[BioC] RE: Advice on cluster hardware
msb1129 at bellsouth.net
Sun Dec 7 05:04:59 MET 2003
That sounds like a tremendously exciting project! You seem to have done
much research, and your solution should be both scalable and reasonably
I have seen reports that R is "compatible" with openMosix, but I have
not found reports of real-world experience. Does R use shared memory?
Does it spawn processes that migrate efficiently? What kind of
performance enhancement do you anticipate with additional nodes?
Michael Benjamin, MD
Winship Cancer Institute
Atlanta, GA USA
From: bioconductor-bounces at stat.math.ethz.ch
[mailto:bioconductor-bounces at stat.math.ethz.ch] On Behalf Of Ramon
Sent: Thursday, December 04, 2003 5:58 AM
To: Ross Boylan; bioconductor at stat.math.ethz.ch
Subject: Re: [BioC] Advice on cluster hardware
I don't have any relevant experience, but we are in the process of also
building a cluster, so I'll share some of my confusion with you. Our
will be an openMosix cluster, probably also with LVS, for applications
do not migrate well. The cluster will have about 30 nodes now, possibly
up to 50.
Because we wanted to ensure painless use of applications we already use
develop and we are also very interested in using Debian (ease of
administration, use, and upgrading), we decided to go for a 32 bit
(dual Xeon machines ---dual CPU machines, among other things, decrease
somewhat the load of the network, because every pair of CPUs is already
connected by the machine bus). We have considered HP, Dell, and IBM
(including their blades). The 64 bit with AMD seemed a bit risky at this
moment. But, if you can consider things other than GNU/Linux, I've heard
clusters built with G5 processors can be a great idea; a lot of bung for
buck (and 64 bit, and I think much larger amounts of RAM per processes).
We were concerned with potential network problems, and asked about it on
openMosix list (see the openMosix-general list, the thread "openMosix
with 50 nodes: network issues", starting about 2 weeks ago). After those
answers and some additional research, it seems that a Gigabit solution
be enough for our needs with, for instance, a Cisco 4500 switch. The
seems to be that scaling can be poor, and if your network grows large
> 48 nodes) you might need to change switches, which becomes expensive,
But I understand this is not a likely problem in your case in the near
Disk size and disk speed did not seemed critical for our intended uses;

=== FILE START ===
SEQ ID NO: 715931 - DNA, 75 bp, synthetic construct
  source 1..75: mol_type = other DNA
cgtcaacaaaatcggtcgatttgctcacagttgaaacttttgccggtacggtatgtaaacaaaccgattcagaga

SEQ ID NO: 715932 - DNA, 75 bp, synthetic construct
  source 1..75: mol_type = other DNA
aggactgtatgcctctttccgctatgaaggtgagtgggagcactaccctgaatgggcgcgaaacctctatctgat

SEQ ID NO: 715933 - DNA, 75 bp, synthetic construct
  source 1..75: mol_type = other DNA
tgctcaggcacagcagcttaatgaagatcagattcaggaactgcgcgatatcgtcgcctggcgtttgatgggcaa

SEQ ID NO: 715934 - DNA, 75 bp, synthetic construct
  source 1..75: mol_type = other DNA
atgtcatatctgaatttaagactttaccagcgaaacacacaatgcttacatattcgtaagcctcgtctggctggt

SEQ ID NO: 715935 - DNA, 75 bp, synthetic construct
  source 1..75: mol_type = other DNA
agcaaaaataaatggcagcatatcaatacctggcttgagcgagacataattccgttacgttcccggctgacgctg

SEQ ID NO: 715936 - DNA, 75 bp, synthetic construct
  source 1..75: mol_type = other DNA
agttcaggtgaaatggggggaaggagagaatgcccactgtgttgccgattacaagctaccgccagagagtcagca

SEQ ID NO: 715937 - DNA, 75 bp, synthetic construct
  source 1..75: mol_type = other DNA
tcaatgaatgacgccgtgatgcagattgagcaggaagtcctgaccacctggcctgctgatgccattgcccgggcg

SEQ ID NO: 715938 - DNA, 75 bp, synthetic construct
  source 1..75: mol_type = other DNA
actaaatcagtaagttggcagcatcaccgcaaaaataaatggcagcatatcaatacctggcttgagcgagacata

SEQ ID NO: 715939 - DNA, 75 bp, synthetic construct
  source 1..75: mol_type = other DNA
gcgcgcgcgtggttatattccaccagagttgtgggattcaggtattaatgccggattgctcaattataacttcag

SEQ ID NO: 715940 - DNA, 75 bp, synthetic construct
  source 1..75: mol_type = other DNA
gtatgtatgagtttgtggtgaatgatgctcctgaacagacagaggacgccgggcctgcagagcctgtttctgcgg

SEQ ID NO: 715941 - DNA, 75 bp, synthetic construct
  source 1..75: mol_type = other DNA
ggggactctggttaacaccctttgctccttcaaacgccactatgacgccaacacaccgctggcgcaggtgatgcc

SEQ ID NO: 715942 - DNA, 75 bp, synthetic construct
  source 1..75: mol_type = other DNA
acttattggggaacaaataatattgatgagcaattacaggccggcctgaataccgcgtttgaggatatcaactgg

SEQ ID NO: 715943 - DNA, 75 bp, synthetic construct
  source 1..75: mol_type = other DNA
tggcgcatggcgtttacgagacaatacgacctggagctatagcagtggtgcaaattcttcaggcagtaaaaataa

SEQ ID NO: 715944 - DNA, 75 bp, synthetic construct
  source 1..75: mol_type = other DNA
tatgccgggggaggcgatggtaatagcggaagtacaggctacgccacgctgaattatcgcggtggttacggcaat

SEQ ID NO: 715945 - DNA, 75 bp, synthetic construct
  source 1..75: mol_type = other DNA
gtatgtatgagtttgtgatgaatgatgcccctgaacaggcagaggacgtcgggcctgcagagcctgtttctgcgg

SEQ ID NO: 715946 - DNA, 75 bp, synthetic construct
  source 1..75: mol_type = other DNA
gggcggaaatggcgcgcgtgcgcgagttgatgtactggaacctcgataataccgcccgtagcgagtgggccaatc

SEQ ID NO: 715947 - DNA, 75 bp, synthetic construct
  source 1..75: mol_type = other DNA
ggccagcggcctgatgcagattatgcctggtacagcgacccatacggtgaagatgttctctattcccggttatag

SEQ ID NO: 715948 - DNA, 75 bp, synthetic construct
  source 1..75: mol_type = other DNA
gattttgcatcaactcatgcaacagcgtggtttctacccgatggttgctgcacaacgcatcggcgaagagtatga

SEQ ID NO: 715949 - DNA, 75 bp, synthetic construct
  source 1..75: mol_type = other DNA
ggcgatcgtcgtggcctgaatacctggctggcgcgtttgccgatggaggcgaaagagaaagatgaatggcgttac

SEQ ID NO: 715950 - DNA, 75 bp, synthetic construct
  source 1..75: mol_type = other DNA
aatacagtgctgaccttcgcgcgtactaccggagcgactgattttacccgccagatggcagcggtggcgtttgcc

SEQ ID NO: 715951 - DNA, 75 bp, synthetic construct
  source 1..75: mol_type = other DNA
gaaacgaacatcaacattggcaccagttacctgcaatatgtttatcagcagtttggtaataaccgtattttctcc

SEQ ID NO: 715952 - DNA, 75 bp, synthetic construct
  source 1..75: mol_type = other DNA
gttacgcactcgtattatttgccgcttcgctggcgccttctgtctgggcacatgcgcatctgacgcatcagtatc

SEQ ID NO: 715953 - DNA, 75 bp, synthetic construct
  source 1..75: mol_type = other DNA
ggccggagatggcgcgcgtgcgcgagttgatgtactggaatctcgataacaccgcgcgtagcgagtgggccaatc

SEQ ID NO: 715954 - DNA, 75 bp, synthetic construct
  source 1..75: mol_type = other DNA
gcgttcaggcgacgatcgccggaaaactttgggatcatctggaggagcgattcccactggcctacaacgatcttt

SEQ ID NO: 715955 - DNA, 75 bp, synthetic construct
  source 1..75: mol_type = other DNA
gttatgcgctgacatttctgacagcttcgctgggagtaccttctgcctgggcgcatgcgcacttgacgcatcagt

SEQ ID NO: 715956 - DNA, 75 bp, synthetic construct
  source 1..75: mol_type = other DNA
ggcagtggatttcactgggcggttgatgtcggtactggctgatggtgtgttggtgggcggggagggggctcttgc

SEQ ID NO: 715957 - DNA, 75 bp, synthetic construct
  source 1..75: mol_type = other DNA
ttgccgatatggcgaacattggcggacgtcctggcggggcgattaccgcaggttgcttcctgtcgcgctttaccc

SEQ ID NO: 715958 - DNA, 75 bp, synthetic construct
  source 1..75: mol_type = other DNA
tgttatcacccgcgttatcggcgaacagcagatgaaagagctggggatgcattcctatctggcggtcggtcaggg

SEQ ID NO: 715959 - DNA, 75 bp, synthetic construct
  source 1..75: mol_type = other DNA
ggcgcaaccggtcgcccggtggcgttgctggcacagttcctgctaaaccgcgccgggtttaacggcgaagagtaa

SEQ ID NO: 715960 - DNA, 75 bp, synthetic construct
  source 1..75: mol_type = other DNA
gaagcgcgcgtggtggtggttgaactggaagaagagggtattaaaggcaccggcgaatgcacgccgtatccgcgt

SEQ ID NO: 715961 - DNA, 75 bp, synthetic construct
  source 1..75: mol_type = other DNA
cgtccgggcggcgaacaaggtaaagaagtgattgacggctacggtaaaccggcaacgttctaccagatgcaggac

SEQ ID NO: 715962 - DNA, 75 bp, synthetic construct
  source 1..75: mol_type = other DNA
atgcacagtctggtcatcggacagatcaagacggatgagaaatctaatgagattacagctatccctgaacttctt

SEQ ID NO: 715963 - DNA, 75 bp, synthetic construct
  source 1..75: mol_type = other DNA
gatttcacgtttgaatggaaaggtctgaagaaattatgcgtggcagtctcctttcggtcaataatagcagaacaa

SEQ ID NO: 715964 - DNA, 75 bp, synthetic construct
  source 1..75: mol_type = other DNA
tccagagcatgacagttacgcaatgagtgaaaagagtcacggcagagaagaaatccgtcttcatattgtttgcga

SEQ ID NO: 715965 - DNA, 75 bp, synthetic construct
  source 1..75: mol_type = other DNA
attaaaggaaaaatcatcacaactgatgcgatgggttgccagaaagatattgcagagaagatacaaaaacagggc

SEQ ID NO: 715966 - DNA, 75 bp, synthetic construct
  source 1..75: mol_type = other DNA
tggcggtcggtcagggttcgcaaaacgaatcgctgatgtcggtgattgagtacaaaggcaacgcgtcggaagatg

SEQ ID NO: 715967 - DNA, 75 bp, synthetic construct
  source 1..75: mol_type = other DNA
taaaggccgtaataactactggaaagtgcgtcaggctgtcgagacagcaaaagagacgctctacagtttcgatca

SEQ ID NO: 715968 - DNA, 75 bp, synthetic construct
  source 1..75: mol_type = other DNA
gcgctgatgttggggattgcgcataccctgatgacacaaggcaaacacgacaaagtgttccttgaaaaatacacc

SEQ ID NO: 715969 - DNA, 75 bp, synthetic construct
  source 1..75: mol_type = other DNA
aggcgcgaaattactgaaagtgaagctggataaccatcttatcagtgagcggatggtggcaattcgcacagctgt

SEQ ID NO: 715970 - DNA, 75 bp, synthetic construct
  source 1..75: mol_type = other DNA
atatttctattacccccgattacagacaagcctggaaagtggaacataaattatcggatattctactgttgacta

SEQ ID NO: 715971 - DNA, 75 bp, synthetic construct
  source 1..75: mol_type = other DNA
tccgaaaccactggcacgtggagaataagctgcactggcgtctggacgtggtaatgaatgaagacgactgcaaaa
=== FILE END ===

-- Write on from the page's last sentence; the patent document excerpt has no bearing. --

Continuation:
will combine local disks of moderate size (about 60 GB) with a "master
of with about 400 GB in several disks. The oMFS seems to work well, and
machines with local disks give us more flexibility, such as if we want
remove a few from the cluster and use them standalone for something
Once things are up and running (or trying to run), I will be glad to
more details of our experience.
On Wednesday 03 December 2003 22:50, Ross Boylan wrote:
> The group I am in is about to purchase a cluster. If anyone on this
> list has any advice on what type of hardware (or software) would be
> best, I'd appreciate it. I didn't find any discussion of this in the
> archives, but I thought some people on this list might have relevant
> We will have two broad types of uses: simulation studies for
> epidemiology (with people or cases as the units) and genetic and
> studies, whose details I don't know but you all probably do. The
> simulation studies are likely to make heavy use of R. I suspect that
> the twp uses have much different characteristics, e.g., in terms of
> size of the datasets to manipulate and the best tradeoffs outlined
> Other uses are possible.
> Among other issues we are wondering about:
> *Tradeoffs between CPU speed, memory, internode communication speed,
> disk size, and disk speed.
> As a first cut, I expect the simulations suggest emphasizing processor
> power and ensuring adequate memory. On the other hand, the fact that
> it's easy to upgrade CPUs suggests putting more money into the network
> supporting the CPUs. And I suspect the genomics emphasizes more the
> ability to move large amounts of data around quickly (across network
> to disk).
> *Appropriate disk architecture (e.g., local disks vs shared netword
> disks or SANS).
> 32 vs 64 bit; Intel vs AMD.
> We assume it will be some kind of Linux OS (we like Debian, but
> tend to supply RH and Debian lacks support for 64 bit AMD in any
> official way, unlike Suse or RH). If there's a good reason, we could
> use something else.
> Our budget is relatively modest, enough perhaps for 10-15
> nodes. We hope to expand later.
> As a side issue, more a personal curiosity, why do clusters all seem
> be built on dual-processor nodes? Why not more CPU's per node?
> Thanks for any help you can offer.
Centro Nacional de Investigaciones Oncológicas (CNIO)
(Spanish National Cancer Center)
Melchor Fernández Almagro, 3
28029 Madrid (Spain)
PGP KeyID: 0xE89B3462
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